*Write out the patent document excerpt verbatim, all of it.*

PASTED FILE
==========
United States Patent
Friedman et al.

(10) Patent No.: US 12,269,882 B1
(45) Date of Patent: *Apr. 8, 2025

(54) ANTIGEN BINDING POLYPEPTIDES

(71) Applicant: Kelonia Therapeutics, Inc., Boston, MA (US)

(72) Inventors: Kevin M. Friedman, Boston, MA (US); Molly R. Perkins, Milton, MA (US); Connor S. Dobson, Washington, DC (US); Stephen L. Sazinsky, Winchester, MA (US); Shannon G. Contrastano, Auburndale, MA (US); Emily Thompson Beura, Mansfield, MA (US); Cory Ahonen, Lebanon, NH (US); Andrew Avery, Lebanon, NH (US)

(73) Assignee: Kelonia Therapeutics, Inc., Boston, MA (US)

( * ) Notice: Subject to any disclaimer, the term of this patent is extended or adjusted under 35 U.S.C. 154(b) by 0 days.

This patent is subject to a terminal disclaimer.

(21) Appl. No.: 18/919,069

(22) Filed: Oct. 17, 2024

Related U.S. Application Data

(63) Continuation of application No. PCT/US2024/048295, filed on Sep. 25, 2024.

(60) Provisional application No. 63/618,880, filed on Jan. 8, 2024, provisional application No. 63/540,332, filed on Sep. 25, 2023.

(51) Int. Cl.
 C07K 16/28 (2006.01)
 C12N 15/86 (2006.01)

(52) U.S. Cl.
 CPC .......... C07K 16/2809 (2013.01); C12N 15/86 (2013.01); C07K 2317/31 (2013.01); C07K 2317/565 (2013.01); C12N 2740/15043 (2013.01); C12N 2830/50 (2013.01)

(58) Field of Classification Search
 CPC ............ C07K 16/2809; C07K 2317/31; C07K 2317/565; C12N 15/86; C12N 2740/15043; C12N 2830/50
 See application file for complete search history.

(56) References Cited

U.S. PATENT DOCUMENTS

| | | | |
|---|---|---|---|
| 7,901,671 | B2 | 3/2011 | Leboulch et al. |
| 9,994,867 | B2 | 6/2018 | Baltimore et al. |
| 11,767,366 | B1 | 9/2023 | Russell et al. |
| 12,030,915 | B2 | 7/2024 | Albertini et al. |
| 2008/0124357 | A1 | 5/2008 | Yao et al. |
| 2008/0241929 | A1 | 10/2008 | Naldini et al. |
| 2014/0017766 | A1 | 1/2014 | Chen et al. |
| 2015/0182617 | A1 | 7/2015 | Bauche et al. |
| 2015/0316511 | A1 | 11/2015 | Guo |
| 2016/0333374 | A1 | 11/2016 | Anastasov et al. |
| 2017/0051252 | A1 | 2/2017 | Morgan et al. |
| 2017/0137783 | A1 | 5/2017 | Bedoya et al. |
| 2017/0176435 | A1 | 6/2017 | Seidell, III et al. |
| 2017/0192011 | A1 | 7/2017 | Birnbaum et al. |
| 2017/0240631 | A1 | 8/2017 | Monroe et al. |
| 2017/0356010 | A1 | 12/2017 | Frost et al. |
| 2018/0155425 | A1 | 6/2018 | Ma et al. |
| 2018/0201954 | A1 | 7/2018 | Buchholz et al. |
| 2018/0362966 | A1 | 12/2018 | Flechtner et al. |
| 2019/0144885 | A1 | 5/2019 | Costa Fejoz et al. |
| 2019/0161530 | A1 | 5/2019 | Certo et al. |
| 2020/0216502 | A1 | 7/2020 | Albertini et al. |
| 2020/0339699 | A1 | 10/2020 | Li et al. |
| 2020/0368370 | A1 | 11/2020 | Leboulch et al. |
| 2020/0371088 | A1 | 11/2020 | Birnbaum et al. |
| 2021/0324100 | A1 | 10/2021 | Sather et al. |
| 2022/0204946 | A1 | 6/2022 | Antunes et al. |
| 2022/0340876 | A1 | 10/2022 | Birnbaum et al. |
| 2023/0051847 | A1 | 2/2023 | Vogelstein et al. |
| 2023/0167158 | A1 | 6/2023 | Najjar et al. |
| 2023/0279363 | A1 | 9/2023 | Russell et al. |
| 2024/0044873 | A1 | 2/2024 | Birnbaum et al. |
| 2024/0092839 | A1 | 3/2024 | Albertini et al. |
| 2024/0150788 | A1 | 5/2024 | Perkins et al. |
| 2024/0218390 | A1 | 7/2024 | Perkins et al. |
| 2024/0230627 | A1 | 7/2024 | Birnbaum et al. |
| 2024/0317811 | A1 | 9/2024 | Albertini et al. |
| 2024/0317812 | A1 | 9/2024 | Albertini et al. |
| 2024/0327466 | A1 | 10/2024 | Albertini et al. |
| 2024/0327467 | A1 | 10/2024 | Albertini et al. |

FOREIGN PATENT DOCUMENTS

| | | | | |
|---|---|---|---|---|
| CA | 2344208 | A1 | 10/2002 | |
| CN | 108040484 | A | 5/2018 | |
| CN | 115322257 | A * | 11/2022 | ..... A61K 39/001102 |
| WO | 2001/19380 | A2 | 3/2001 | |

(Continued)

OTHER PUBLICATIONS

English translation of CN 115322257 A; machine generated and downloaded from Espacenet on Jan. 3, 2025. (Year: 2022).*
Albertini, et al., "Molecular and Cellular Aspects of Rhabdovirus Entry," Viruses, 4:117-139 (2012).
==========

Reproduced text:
United States Patent
Friedman et al.

(10) Patent No.: US 12,269,882 B1
(45) Date of Patent: *Apr. 8, 2025

(54) ANTIGEN BINDING POLYPEPTIDES

(71) Applicant: Kelonia Therapeutics, Inc., Boston, MA (US)

(72) Inventors: Kevin M. Friedman, Boston, MA (US); Molly R. Perkins, Milton, MA (US); Connor S. Dobson, Washington, DC (US); Stephen L. Sazinsky, Winchester, MA (US); Shannon G. Contrastano, Auburndale, MA (US); Emily Thompson Beura, Mansfield, MA (US); Cory Ahonen, Lebanon, NH (US); Andrew Avery, Lebanon, NH (US)

(73) Assignee: Kelonia Therapeutics, Inc., Boston, MA (US)

( * ) Notice: Subject to any disclaimer, the term of this patent is extended or adjusted under 35 U.S.C. 154(b) by 0 days.

This patent is subject to a terminal disclaimer.

(21) Appl. No.: 18/919,069

(22) Filed: Oct. 17, 2024

Related U.S. Application Data

(63) Continuation of application No. PCT/US2024/048295, filed on Sep. 25, 2024.

(60) Provisional application No. 63/618,880, filed on Jan. 8, 2024, provisional application No. 63/540,332, filed on Sep. 25, 2023.

(51) Int. Cl.
 C07K 16/28 (2006.01)
 C12N 15/86 (2006.01)

(52) U.S. Cl.
 CPC .......... C07K 16/2809 (2013.01); C12N 15/86 (2013.01); C07K 2317/31 (2013.01); C07K 2317/565 (2013.01); C12N 2740/15043 (2013.01); C12N 2830/50 (2013.01)

(58) Field of Classification Search
 CPC ............ C07K 16/2809; C07K 2317/31; C07K 2317/565; C12N 15/86; C12N 2740/15043; C12N 2830/50
 See application file for complete search history.

(56) References Cited

U.S. PATENT DOCUMENTS

| | | | |
|---|---|---|---|
| 7,901,671 | B2 | 3/2011 | Leboulch et al. |
| 9,994,867 | B2 | 6/2018 | Baltimore et al. |
| 11,767,366 | B1 | 9/2023 | Russell et al. |
| 12,030,915 | B2 | 7/2024 | Albertini et al. |
| 2008/0124357 | A1 | 5/2008 | Yao et al. |
| 2008/0241929 | A1 | 10/2008 | Naldini et al. |
| 2014/0017766 | A1 | 1/2014 | Chen et al. |
| 2015/0182617 | A1 | 7/2015 | Bauche et al. |
| 2015/0316511 | A1 | 11/2015 | Guo |
| 2016/0333374 | A1 | 11/2016 | Anastasov et al. |
| 2017/0051252 | A1 | 2/2017 | Morgan et al. |
| 2017/0137783 | A1 | 5/2017 | Bedoya et al. |
| 2017/0176435 | A1 | 6/2017 | Seidell, III et al. |
| 2017/0192011 | A1 | 7/2017 | Birnbaum et al. |
| 2017/0240631 | A1 | 8/2017 | Monroe et al. |
| 2017/0356010 | A1 | 12/2017 | Frost et al. |
| 2018/0155425 | A1 | 6/2018 | Ma et al. |
| 2018/0201954 | A1 | 7/2018 | Buchholz et al. |
| 2018/0362966 | A1 | 12/2018 | Flechtner et al. |
| 2019/0144885 | A1 | 5/2019 | Costa Fejoz et al. |
| 2019/0161530 | A1 | 5/2019 | Certo et al. |
| 2020/0216502 | A1 | 7/2020 | Albertini et al. |
| 2020/0339699 | A1 | 10/2020 | Li et al. |
| 2020/0368370 | A1 | 11/2020 | Leboulch et al. |
| 2020/0371088 | A1 | 11/2020 | Birnbaum et al. |
| 2021/0324100 | A1 | 10/2021 | Sather et al. |
| 2022/0204946 | A1 | 6/2022 | Antunes et al. |
| 2022/0340876 | A1 | 10/2022 | Birnbaum et al. |
| 2023/0051847 | A1 | 2/2023 | Vogelstein et al. |
| 2023/0167158 | A1 | 6/2023 | Najjar et al. |
| 2023/0279363 | A1 | 9/2023 | Russell et al. |
| 2024/0044873 | A1 | 2/2024 | Birnbaum et al. |
| 2024/0092839 | A1 | 3/2024 | Albertini et al. |
| 2024/0150788 | A1 | 5/2024 | Perkins et al. |
| 2024/0218390 | A1 | 7/2024 | Perkins et al. |
| 2024/0230627 | A1 | 7/2024 | Birnbaum et al. |
| 2024/0317811 | A1 | 9/2024 | Albertini et al. |
| 2024/0317812 | A1 | 9/2024 | Albertini et al. |
| 2024/0327466 | A1 | 10/2024 | Albertini et al. |
| 2024/0327467 | A1 | 10/2024 | Albertini et al. |

FOREIGN PATENT DOCUMENTS

| | | | | |
|---|---|---|---|---|
| CA | 2344208 | A1 | 10/2002 | |
| CN | 108040484 | A | 5/2018 | |
| CN | 115322257 | A * | 11/2022 | ..... A61K 39/001102 |
| WO | 2001/19380 | A2 | 3/2001 | |

(Continued)

OTHER PUBLICATIONS

English translation of CN 115322257 A; machine generated and downloaded from Espacenet on Jan. 3, 2025. (Year: 2022).*
Albertini, et al., "Molecular and Cellular Aspects of Rhabdovirus Entry," Viruses, 4:117-139 (2012).